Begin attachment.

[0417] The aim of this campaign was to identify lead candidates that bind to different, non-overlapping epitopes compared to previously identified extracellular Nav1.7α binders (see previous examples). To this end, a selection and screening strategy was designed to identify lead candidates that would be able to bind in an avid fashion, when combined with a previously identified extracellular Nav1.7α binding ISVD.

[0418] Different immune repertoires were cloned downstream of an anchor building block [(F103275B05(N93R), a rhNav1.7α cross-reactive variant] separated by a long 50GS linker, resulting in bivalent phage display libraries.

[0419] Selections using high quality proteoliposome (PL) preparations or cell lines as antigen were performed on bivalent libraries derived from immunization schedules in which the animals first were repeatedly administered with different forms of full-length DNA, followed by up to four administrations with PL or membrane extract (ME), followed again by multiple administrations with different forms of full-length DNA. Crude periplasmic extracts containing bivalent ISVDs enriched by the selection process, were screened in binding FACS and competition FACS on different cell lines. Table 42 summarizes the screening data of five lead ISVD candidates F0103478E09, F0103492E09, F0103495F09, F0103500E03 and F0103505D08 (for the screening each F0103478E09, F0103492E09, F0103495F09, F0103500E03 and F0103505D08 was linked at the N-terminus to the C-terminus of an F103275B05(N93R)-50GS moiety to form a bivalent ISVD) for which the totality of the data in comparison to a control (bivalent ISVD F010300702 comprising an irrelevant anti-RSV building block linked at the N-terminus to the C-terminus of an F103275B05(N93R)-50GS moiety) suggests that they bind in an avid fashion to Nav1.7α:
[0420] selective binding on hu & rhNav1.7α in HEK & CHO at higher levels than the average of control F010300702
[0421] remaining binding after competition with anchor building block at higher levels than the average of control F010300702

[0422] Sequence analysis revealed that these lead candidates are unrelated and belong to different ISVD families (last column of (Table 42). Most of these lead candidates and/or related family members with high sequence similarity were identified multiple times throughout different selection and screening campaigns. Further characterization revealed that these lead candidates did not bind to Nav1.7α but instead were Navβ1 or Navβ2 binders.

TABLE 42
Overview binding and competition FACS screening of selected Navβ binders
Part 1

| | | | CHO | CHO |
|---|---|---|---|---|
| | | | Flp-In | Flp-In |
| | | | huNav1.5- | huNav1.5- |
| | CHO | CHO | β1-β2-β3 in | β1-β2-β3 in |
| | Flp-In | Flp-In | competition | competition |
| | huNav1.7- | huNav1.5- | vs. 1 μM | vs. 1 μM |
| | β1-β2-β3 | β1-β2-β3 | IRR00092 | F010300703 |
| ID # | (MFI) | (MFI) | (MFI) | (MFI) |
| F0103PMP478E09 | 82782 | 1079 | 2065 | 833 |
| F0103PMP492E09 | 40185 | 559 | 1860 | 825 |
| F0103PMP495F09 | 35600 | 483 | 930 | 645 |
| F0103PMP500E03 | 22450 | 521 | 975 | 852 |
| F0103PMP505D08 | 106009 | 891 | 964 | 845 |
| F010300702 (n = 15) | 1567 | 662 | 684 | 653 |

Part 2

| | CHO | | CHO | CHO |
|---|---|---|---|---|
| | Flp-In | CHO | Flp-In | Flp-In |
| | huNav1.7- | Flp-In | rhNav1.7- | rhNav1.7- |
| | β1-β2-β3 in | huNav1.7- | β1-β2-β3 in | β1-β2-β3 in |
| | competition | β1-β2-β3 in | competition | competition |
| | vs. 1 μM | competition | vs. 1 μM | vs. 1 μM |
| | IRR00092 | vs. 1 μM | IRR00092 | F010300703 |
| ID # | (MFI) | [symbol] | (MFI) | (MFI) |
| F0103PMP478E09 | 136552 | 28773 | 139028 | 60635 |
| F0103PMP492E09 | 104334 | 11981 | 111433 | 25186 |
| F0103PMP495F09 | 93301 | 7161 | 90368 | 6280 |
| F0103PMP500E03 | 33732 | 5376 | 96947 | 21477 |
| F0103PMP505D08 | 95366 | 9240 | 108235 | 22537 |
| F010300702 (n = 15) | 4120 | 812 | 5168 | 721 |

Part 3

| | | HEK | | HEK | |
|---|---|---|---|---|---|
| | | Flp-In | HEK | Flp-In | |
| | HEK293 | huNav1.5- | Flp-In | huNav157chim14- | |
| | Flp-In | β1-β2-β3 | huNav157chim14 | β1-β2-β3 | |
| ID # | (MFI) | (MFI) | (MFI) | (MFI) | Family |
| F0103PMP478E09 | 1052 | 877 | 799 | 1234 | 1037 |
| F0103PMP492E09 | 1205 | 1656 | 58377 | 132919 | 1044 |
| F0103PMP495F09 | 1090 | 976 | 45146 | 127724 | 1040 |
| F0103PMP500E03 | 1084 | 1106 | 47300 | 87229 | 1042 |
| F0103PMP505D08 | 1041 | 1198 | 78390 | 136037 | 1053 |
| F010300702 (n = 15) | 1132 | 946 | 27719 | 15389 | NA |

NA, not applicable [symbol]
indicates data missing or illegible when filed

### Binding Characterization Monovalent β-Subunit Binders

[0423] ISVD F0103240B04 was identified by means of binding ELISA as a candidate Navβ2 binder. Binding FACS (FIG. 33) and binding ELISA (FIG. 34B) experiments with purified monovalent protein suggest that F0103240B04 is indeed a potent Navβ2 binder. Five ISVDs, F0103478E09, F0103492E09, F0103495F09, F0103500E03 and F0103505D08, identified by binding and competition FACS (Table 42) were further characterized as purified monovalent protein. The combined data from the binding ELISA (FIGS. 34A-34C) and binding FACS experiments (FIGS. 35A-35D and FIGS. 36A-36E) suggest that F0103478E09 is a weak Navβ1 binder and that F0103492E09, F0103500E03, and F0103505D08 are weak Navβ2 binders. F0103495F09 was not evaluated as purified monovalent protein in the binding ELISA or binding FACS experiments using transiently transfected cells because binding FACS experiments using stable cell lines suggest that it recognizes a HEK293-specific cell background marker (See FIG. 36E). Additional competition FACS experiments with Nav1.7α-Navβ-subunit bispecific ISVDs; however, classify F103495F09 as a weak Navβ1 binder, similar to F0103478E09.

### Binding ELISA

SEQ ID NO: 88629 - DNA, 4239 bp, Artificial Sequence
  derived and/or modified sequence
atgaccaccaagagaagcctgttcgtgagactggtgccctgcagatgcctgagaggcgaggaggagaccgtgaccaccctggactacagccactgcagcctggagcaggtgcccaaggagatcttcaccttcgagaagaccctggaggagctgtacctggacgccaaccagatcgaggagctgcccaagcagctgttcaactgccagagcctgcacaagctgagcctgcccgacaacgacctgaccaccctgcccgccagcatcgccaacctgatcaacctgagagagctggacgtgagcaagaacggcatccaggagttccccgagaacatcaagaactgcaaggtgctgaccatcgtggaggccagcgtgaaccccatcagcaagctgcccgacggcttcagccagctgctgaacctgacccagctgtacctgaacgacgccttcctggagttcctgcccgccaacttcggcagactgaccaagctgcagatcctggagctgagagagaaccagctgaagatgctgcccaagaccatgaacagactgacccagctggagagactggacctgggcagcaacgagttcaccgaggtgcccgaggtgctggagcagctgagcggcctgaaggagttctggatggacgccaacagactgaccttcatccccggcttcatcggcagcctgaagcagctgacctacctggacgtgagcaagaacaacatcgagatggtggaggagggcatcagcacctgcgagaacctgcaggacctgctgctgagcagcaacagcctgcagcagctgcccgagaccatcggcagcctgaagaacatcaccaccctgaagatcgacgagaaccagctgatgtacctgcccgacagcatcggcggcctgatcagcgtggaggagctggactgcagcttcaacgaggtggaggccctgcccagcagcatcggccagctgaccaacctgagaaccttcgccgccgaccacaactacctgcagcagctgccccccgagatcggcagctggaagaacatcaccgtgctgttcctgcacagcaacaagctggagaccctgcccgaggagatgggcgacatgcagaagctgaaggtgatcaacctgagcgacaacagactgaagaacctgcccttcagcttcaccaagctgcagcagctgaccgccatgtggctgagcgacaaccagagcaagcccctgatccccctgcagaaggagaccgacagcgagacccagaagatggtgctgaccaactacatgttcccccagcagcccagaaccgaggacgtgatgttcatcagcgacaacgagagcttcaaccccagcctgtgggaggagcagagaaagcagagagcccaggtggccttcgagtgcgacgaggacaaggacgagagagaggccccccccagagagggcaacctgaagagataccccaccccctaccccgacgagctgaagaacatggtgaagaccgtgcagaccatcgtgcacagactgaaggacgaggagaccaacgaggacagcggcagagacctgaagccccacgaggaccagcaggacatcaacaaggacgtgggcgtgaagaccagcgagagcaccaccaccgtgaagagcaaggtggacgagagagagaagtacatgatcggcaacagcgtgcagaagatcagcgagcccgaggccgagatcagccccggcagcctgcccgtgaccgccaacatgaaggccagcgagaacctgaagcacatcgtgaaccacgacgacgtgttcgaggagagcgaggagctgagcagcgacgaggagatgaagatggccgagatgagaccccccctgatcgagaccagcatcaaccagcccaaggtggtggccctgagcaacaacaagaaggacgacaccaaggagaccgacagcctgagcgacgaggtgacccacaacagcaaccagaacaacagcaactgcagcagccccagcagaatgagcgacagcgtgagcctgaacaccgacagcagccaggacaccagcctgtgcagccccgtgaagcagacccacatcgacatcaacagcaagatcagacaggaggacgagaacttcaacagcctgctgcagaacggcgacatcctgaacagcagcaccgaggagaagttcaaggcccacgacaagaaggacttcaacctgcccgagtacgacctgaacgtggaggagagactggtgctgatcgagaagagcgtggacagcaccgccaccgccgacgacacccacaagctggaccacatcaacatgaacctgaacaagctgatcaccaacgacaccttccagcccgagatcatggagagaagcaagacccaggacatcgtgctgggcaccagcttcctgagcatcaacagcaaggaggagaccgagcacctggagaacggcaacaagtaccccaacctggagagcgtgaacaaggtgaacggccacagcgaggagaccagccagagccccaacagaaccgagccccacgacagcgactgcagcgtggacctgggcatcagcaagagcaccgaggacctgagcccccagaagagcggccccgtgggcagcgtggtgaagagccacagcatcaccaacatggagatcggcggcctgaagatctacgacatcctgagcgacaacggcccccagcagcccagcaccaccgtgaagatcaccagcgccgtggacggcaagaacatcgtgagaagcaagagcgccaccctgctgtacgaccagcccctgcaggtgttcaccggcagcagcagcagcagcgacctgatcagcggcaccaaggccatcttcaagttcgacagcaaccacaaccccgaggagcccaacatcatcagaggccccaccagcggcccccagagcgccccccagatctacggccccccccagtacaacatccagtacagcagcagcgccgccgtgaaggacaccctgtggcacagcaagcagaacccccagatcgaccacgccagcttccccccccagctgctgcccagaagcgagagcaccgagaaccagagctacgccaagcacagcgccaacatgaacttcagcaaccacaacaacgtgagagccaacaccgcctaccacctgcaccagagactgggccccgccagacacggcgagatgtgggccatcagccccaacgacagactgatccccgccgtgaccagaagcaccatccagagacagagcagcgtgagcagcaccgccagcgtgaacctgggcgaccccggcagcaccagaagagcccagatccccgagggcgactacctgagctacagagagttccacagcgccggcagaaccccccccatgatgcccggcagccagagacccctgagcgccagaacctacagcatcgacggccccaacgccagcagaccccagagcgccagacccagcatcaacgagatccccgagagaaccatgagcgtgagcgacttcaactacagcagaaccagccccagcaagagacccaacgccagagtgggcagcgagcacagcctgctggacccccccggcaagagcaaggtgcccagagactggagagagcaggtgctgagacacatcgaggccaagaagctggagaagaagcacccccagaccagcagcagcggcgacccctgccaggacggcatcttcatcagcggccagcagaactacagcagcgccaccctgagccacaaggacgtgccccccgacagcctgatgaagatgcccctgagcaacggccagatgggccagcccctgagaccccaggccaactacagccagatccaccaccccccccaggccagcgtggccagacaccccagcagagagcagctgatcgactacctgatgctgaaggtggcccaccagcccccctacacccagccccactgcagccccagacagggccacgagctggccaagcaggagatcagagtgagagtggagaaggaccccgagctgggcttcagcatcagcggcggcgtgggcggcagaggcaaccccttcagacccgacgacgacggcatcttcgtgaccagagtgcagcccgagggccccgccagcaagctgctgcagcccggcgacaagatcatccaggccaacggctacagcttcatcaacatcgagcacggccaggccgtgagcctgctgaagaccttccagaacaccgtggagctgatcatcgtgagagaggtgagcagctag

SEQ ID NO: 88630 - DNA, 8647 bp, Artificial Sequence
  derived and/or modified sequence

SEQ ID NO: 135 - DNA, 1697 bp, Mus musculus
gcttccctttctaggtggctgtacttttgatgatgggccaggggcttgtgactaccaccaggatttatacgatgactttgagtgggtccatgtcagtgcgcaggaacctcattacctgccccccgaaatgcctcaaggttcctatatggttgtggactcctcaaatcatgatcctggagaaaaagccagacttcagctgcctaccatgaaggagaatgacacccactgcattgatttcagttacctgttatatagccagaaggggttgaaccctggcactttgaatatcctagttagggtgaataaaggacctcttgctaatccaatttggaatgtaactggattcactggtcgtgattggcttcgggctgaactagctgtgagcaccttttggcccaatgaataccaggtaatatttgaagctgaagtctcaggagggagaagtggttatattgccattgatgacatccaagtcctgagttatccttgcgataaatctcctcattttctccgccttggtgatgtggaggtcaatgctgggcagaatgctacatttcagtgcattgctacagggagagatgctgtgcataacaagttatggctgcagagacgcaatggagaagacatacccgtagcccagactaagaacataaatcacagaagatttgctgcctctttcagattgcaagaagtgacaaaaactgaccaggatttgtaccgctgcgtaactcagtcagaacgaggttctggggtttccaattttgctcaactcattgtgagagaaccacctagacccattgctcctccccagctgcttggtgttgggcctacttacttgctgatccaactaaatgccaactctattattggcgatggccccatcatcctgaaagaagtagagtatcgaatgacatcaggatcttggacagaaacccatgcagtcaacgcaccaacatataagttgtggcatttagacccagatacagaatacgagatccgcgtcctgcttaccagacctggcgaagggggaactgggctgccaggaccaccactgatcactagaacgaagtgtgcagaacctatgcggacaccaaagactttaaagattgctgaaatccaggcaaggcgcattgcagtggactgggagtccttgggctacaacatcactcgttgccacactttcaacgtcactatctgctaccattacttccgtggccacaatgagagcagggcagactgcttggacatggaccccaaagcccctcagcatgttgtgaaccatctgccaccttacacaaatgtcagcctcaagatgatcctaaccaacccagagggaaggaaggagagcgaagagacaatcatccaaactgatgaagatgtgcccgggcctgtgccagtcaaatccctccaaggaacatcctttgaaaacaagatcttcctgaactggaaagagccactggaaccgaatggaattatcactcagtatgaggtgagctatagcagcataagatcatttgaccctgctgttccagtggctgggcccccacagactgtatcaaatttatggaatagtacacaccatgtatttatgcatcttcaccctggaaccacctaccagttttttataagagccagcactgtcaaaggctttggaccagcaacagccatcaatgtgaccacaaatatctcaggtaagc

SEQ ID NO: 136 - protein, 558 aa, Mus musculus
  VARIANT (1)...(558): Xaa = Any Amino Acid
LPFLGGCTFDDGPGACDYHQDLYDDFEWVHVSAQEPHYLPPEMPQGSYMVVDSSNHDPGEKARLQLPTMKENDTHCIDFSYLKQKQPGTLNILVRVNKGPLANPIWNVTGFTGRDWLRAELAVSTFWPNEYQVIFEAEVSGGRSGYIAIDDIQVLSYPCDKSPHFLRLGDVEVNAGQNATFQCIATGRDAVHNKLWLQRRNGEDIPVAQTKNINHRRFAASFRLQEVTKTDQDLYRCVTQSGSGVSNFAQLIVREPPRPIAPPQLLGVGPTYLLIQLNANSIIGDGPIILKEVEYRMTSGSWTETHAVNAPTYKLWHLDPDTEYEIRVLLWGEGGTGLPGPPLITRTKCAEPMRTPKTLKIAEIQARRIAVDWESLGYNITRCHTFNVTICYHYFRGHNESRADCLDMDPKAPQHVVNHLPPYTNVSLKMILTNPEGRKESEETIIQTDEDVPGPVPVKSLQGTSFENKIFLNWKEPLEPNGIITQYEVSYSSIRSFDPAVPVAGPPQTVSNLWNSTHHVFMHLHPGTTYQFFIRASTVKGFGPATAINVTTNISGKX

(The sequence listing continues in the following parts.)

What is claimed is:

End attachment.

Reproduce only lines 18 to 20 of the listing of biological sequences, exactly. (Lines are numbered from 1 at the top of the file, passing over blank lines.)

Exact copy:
| ID # | (MFI) | (MFI) | (MFI) | (MFI) |
| F0103PMP478E09 | 82782 | 1079 | 2065 | 833 |
| F0103PMP492E09 | 40185 | 559 | 1860 | 825 |